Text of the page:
H.R. 3846 (111th): FISA Amendments Act of 2009

Introduced:
Oct 20, 2009 (111th Congress, 2009–2010)
Status:
Died (Referred to Committee)
Sponsor
John Conyers Jr.
Representative for Michigan's 14th congressional district
Party
Democrat
Text
Read Text »
Last Updated
Oct 20, 2009
Length
20 pages
Related Bills
H.R. 3773 (110th) was a previous version of this bill.

Enrolled Bill
Last Action: Mar 14, 2008

 
Status

This bill was introduced on October 20, 2009, in a previous session of Congress, but was not enacted.

Progress
Introduced Oct 20, 2009
Referred to Committee Oct 20, 2009
 
Full Title

To amend the Foreign Intelligence Surveillance Act of 1978 to provide additional civil liberties protections, and for other purposes.

Summary

No summaries available.

 
Primary Source

THOMAS.gov (The Library of Congress)

GovTrack gets most information from THOMAS, which is updated generally one day after events occur. Activity since the last update may not be reflected here. Data comes via the congress project.

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Notes

H.R. stands for House of Representatives bill.

A bill must be passed by both the House and Senate in identical form and then be signed by the president to become law.

The bill’s title was written by its sponsor.

GovTrack’s Bill Summary

We don’t have a summary available yet.

Library of Congress Summary

The summary below was written by the Congressional Research Service, which is a nonpartisan division of the Library of Congress.


10/20/2009--Introduced.
FISA Amendments Act of 2009 - Amends the Foreign Intelligence Surveillance Act of 1978 (FISA) to repeal title VIII (Protection of Persons Assisting the Government) of FISA.
Requires a certification made by the Attorney General and the Director of National Intelligence under provisions of title VII of FISA (Additional Procedures Regarding Certain Persons Outside the United States) concerning authorizing the targeting of persons outside the United States other than U.S. persons to acquire foreign intelligence information to include a certification that the acquisition is limited to communications in which a party is an individual target reasonably believed to be outside the United States, and for which a significant purpose of the acquisition is to obtain foreign intelligence information.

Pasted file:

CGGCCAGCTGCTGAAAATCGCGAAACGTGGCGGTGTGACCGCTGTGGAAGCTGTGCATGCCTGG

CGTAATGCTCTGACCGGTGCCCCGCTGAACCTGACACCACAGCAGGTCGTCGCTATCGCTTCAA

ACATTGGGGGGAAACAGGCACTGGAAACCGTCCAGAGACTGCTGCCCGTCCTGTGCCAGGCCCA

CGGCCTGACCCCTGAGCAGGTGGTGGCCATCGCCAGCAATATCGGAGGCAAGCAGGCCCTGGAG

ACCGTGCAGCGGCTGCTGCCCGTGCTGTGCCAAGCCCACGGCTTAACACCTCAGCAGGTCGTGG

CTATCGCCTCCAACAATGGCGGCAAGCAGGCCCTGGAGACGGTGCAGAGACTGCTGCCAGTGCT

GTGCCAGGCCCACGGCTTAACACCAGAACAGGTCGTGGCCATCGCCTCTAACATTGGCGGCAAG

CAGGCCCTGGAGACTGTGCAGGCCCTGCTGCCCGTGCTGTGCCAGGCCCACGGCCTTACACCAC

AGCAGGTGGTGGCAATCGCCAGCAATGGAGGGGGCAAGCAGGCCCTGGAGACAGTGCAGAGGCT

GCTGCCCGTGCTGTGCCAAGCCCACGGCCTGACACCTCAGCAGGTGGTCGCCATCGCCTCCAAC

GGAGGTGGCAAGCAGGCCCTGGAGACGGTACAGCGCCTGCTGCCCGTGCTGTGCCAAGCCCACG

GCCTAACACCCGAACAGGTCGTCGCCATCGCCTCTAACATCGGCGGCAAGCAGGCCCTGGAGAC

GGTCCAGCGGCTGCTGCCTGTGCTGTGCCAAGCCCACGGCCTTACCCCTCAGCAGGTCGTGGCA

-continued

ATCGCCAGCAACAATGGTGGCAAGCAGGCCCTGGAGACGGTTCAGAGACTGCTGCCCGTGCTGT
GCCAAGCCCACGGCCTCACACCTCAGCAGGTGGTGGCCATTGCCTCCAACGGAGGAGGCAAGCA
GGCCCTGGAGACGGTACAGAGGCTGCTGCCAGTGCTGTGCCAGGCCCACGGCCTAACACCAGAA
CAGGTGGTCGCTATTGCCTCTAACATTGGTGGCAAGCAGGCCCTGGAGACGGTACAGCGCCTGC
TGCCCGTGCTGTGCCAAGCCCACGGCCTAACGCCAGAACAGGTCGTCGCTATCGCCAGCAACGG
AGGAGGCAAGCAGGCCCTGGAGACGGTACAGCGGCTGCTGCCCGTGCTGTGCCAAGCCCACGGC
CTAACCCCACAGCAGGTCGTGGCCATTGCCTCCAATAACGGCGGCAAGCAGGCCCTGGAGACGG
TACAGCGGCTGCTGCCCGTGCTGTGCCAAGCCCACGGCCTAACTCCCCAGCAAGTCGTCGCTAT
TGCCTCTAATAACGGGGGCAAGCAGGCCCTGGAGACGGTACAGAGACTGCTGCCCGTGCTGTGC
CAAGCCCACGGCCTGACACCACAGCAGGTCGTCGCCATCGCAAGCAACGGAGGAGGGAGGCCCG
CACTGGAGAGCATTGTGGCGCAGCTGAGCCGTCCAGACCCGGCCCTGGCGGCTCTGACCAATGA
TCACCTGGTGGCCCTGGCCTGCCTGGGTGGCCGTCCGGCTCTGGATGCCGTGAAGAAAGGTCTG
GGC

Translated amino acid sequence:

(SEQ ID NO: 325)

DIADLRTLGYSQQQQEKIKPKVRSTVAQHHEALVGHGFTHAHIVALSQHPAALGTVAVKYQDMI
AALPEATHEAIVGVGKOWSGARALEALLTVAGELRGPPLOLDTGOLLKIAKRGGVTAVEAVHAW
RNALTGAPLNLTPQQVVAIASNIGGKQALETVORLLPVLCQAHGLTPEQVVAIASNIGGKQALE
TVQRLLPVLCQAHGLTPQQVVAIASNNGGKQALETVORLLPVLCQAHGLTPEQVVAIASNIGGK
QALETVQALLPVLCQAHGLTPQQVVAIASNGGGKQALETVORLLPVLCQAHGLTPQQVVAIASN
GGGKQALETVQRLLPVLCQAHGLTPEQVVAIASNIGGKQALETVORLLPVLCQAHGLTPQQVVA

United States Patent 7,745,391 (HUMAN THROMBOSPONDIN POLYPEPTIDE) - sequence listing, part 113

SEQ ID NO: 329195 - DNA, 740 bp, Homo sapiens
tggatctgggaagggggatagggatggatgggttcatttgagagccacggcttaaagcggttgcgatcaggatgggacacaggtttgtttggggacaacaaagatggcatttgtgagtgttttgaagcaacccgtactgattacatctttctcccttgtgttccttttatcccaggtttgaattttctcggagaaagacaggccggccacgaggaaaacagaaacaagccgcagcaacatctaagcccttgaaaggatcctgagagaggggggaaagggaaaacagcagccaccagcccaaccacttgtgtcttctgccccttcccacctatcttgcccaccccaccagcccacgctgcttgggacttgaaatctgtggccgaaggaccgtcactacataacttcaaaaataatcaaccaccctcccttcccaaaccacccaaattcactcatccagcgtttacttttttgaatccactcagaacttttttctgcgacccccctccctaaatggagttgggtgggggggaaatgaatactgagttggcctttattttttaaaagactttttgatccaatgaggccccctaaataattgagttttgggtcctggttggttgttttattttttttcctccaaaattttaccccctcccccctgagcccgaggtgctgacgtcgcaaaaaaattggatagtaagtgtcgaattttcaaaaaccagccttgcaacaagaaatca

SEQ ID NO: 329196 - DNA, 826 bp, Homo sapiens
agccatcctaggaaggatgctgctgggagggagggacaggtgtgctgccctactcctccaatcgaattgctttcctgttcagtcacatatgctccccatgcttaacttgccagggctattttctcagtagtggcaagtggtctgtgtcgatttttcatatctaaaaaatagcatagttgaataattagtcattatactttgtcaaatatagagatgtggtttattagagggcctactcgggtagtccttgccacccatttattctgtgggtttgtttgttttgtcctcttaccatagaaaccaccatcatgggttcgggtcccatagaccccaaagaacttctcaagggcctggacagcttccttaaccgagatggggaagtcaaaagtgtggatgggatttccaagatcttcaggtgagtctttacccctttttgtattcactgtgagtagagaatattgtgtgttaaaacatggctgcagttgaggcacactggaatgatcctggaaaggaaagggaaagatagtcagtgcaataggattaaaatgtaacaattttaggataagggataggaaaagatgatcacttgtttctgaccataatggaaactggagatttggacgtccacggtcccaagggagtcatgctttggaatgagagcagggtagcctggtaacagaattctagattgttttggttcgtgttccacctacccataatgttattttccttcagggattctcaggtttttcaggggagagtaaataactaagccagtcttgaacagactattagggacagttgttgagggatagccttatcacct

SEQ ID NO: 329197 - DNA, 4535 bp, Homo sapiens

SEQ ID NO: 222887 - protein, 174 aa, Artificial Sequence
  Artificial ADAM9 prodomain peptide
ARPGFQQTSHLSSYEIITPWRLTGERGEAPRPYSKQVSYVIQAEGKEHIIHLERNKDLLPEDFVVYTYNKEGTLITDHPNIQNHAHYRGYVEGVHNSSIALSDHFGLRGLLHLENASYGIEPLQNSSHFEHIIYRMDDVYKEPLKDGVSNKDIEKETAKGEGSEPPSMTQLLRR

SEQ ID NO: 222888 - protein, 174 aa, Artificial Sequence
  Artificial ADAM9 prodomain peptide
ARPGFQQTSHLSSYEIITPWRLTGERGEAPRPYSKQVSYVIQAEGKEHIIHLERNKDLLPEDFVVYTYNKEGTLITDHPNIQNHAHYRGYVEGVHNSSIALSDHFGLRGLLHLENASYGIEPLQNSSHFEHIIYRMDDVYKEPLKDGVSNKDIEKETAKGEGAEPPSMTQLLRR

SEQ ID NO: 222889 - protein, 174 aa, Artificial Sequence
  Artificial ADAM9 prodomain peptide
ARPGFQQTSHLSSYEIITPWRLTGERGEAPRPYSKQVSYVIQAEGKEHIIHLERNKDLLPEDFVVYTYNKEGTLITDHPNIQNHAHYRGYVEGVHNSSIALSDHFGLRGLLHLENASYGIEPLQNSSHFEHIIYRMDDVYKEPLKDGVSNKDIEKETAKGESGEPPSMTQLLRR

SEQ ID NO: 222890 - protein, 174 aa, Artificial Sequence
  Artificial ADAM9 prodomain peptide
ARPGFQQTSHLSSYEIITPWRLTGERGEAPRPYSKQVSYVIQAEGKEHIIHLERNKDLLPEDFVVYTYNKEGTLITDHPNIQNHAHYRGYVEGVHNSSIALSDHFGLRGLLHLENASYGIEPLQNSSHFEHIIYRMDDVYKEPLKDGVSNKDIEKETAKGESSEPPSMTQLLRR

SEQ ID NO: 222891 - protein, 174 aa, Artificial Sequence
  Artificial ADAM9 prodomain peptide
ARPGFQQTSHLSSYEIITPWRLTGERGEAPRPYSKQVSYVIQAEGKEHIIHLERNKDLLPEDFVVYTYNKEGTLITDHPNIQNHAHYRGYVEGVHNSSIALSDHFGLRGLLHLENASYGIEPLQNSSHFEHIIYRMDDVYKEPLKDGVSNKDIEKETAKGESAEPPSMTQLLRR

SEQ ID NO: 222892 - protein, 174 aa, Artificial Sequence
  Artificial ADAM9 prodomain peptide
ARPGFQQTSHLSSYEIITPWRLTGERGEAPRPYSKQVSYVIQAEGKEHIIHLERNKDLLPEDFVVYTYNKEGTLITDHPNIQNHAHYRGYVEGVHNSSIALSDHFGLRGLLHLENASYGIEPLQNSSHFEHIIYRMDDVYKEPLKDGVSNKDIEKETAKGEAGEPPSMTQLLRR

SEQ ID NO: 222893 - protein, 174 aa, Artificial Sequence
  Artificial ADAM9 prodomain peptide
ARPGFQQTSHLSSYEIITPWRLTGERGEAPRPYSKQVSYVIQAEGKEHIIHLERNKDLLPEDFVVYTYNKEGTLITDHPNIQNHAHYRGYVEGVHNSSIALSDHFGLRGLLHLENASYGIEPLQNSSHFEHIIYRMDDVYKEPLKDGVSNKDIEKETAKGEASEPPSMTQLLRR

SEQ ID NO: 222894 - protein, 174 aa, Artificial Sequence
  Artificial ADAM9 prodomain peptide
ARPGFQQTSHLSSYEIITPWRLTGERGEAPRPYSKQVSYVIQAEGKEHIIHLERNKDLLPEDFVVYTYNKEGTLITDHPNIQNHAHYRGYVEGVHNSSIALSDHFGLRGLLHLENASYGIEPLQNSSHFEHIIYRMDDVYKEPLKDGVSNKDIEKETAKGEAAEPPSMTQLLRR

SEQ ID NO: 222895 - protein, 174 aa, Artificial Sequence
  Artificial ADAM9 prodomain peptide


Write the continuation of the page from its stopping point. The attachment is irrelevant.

Prohibits the targeting of a person outside the United States when a significant purpose of the acquisition is to acquire the communications of a particular, known person reasonably believed to be within the United States, except in accordance with FISA title I (Electronic Surveillance).
Prohibits receiving into evidence any information obtained in an acquisition against any U.S. person for which a deficiency in the procedures for acquiring such information is identified by the Foreign Intelligence Surveillance Court. Provides an exception if the government corrects any deficiencies so identified, at that time permitting use or disclosure under such minimization procedures as the Court shall establish for such purposes.
Prohibits a communication from being acquired under FISA title VII if the government knows before or at the time of acquisition that the communication is to, or from, a person reasonably believed to be in the United States. Provides exceptions when there is reason to believe that:
(1) the communication concerns international terrorist activities directed against the United States or activities in preparation therefor;
(2) the target reasonably believed to be outside the United States is an agent of a foreign group engaged in international terrorism or activities in preparation therefor; or
(3) the acquisition is necessary to prevent death or serious bodily harm.
Requires the government to segregate a communication acquired under title VII to, or from, a person reasonably believed to be in the United States and there shall be no access to the communication, except in accordance with title I or provisions of this paragraph.
Allows the access to, and use of, such acquisition for up to seven days if there are conditions similar to the above exceptions.
Requires annual audits from the Inspectors General of the Department of Defense (DOD) and Department of Justice (DOJ) concerning implementation of, and compliance with, this paragraph.

House Republican Conference Summary

The summary below was written by the House Republican Conference, which is the caucus of Republicans in the House of Representatives.


No summary available.

House Democratic Caucus Summary

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So, yes, we display the House Republican Conference’s summaries when available even if we do not have a Democratic summary available. That’s because we feel it is better to give you as much information as possible, even if we cannot provide every viewpoint.

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